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Illustration: Sarah Grillo/Axios

Celebrating Halloween and Día de los Muertos will be difficult and more isolated this year, but can still be done while minimizing harm to others.

Why it matters: Traditional door-to-door trick-or-treating, indoor parties, haunted houses, crowded cemeteries and communal candy bowls are all considered high-risk activities by the CDC.

The big picture: Health officials are worried the convergence of colder weather and more holiday social gatherings will cause more coronavirus transmissions. Check local health department guidelines.

  • "The biggest risk is social gatherings with older teens and young adults for Halloween festivities ... I really would caution people against larger gatherings," said Emmanuel Walter Jr., chief medical officer at the Duke Human Vaccine Institute.

Trick-or-treating and "trunk-or-treating," where treats are handed out from trunks of cars lined up in large parking lots, should be done in small groups and outside, according to state health departments and epidemiologists.

  • Avoid children grabbing candy from communal bowls or sanitize their hands afterward. Also consider handing out treat bags instead.
  • A Halloween mask will not protect you from the virus.
  • Some health departments are recommending "candy chutes" and communities have gotten creative in theirs.

Día de los Muertos participants should avoid large, indoor celebrations with singing or chanting, said Viviana Martinez-Bianchi, associate professor of family medicine and community health at Duke Family Medical Center.

  • “If you’re going to go to the cemetery, do it, but keep that distance," she said.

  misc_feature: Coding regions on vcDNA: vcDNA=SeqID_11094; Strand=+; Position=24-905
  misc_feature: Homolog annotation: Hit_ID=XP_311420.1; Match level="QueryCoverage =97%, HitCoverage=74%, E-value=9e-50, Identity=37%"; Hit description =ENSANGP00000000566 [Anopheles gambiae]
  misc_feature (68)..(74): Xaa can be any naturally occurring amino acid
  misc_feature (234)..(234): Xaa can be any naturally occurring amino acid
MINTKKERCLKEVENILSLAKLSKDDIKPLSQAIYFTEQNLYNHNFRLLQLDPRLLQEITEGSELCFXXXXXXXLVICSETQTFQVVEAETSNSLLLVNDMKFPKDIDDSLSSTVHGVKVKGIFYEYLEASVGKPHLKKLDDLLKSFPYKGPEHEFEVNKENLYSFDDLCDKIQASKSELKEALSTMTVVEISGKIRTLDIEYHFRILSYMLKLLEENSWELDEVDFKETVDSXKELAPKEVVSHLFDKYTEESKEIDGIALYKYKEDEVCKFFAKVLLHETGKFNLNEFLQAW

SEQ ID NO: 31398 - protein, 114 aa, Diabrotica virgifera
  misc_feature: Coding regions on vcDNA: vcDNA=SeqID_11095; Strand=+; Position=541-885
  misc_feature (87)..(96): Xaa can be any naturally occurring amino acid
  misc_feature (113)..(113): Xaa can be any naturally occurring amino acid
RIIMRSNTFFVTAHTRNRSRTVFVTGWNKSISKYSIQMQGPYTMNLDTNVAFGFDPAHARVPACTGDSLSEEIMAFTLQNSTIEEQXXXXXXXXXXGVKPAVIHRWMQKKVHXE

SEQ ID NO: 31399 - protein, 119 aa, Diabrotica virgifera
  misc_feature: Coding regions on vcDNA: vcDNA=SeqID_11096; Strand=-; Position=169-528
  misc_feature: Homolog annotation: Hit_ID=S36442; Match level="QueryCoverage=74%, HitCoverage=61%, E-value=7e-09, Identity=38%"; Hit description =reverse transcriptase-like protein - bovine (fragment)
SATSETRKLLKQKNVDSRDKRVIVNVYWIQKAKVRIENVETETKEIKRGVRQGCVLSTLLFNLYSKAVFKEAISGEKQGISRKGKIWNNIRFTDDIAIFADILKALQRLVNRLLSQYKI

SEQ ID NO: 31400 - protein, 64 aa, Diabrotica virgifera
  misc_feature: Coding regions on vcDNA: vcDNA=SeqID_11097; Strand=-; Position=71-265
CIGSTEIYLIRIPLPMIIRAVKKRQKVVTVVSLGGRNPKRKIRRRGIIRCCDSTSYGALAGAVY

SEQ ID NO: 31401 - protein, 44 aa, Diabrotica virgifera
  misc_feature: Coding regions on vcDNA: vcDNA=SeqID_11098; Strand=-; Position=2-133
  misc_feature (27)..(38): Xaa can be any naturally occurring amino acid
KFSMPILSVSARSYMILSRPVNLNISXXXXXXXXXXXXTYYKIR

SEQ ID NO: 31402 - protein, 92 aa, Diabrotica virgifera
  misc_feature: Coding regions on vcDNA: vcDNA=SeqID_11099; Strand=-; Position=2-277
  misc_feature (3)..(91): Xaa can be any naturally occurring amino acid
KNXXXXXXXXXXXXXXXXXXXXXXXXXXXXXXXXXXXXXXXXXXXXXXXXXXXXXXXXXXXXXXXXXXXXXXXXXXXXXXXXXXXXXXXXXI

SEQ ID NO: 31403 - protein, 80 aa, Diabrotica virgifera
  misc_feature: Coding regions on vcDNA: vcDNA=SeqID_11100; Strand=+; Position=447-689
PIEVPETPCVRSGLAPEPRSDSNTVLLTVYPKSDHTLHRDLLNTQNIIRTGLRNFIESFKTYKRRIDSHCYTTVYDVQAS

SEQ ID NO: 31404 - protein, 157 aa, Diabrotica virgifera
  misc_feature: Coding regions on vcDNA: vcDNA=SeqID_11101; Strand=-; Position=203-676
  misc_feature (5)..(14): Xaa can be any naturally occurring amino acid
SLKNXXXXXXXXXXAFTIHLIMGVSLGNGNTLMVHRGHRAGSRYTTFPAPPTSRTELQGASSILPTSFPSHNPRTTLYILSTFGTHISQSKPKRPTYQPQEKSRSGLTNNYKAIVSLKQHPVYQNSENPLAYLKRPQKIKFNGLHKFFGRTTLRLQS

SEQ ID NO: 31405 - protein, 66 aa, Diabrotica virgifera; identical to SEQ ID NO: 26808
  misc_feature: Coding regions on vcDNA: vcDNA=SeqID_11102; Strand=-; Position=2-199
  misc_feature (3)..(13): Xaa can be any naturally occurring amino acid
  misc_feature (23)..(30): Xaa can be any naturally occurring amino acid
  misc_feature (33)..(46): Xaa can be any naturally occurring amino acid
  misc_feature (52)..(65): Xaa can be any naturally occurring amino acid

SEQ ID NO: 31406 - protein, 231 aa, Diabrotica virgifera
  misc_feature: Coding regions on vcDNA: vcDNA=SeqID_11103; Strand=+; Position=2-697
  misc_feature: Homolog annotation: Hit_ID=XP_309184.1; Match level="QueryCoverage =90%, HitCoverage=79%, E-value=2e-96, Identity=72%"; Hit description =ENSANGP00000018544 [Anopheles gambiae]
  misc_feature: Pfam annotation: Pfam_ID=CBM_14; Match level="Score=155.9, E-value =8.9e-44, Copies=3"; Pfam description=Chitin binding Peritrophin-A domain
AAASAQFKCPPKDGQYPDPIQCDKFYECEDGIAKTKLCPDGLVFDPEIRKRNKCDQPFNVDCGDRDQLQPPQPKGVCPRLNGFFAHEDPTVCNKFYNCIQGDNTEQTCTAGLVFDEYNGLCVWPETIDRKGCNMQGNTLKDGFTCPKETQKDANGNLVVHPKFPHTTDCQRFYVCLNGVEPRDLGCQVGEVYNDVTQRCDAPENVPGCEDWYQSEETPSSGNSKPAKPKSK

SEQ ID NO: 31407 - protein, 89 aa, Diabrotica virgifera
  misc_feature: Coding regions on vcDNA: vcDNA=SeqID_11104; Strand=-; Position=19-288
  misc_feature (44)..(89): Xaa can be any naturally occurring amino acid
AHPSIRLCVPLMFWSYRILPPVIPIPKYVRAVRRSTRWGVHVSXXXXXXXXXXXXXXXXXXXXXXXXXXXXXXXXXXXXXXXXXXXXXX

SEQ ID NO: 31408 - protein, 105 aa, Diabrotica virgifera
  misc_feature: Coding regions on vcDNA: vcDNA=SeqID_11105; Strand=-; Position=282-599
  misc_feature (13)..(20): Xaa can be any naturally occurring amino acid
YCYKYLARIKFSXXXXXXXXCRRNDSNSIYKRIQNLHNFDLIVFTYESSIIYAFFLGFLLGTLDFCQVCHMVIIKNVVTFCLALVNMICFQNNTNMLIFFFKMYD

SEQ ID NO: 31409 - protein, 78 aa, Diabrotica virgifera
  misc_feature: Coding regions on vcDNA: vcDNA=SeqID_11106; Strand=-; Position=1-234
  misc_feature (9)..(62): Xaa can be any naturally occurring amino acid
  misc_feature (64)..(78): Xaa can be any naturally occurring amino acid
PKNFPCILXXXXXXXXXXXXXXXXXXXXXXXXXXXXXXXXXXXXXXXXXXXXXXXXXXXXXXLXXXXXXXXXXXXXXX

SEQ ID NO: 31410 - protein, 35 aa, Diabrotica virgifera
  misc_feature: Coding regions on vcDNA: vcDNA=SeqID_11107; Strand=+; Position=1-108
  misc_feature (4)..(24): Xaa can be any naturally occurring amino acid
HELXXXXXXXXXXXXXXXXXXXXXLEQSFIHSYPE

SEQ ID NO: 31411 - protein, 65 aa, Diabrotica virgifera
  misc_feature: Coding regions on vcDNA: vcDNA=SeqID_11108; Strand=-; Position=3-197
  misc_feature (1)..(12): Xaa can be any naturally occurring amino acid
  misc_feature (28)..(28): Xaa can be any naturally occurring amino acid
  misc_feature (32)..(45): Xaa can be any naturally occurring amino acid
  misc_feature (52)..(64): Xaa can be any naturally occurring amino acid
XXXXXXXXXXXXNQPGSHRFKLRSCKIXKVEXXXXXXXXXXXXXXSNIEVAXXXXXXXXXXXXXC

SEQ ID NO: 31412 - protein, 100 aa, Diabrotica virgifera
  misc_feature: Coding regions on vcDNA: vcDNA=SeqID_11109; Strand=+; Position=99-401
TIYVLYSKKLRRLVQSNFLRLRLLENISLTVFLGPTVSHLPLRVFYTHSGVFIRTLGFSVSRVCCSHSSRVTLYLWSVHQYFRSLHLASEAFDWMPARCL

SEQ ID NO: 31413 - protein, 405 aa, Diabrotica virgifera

• She also advises parents to have children make decorate masks and make an altar in their homes with pillows and blankets for the deceased.
  • Families can gather virtually and trade recipes.

The bottom line: The public can still participate in their traditions this year, just in limited ways.

Go deeper

Jan 30, 2021 - World

Science helps New Zealand avoid another coronavirus lockdown

New Zealand Prime Minister Jacinda Ardern (L) visits a lab at Auckland University in December. Photo: Phil Walter/Getty Images

New Zealand has avoided locking down for a second time over COVID-19 community cases because of a swift, science-led response.

Why it matters: The Health Ministry said in an email to Axios Friday there's "no evidence of community transmission" despite three people testing positive after leaving managed hotel isolation. That means Kiwis can continue to visit bars, restaurants and events as much of the world remains on lockdown.

Jan 29, 2021 - Health

WHO says most pregnant women can now receive coronavirus vaccine

A doctor administering Moderna's coronavirus vaccine at a university hospital in Essen, Germany, on Jan. 18. Photo: Lukas Schulze/Getty Images

The World Health Organization has altered its guidance for pregnant women who wish to receive the coronavirus vaccine, saying now that those at high risk of exposure to the COVID-19 or who have comorbidities that increase their risk of severe disease, may be vaccinated.

Why it matters: The WHO drew backlash for its previous guidance that did not recommend pregnant women be inoculated with vaccines made by Pfizer-BioNTech or Moderna, even though data indicated that pregnancy increased the risk of developing severe illness from the virus.

Jan 29, 2021 - Health

NYC set to restart indoor dining in February, weddings in March

Outdoor dining in New York City in January. Photo: Alexi Rosenfeld/Getty Images

Gov. Andrew Cuomo announced Friday that if the current coronavirus positivity in New York City holds, indoor dining will reopen at 25% capacity on Feb. 14, one of the busiest dining days of the year.

Why it matters: The forced closure of indoor dining in December caused major backlash, as New York's struggling restaurant industry had already been hit hard by pandemic restrictions. Restaurants will still be required to close at 1o p.m.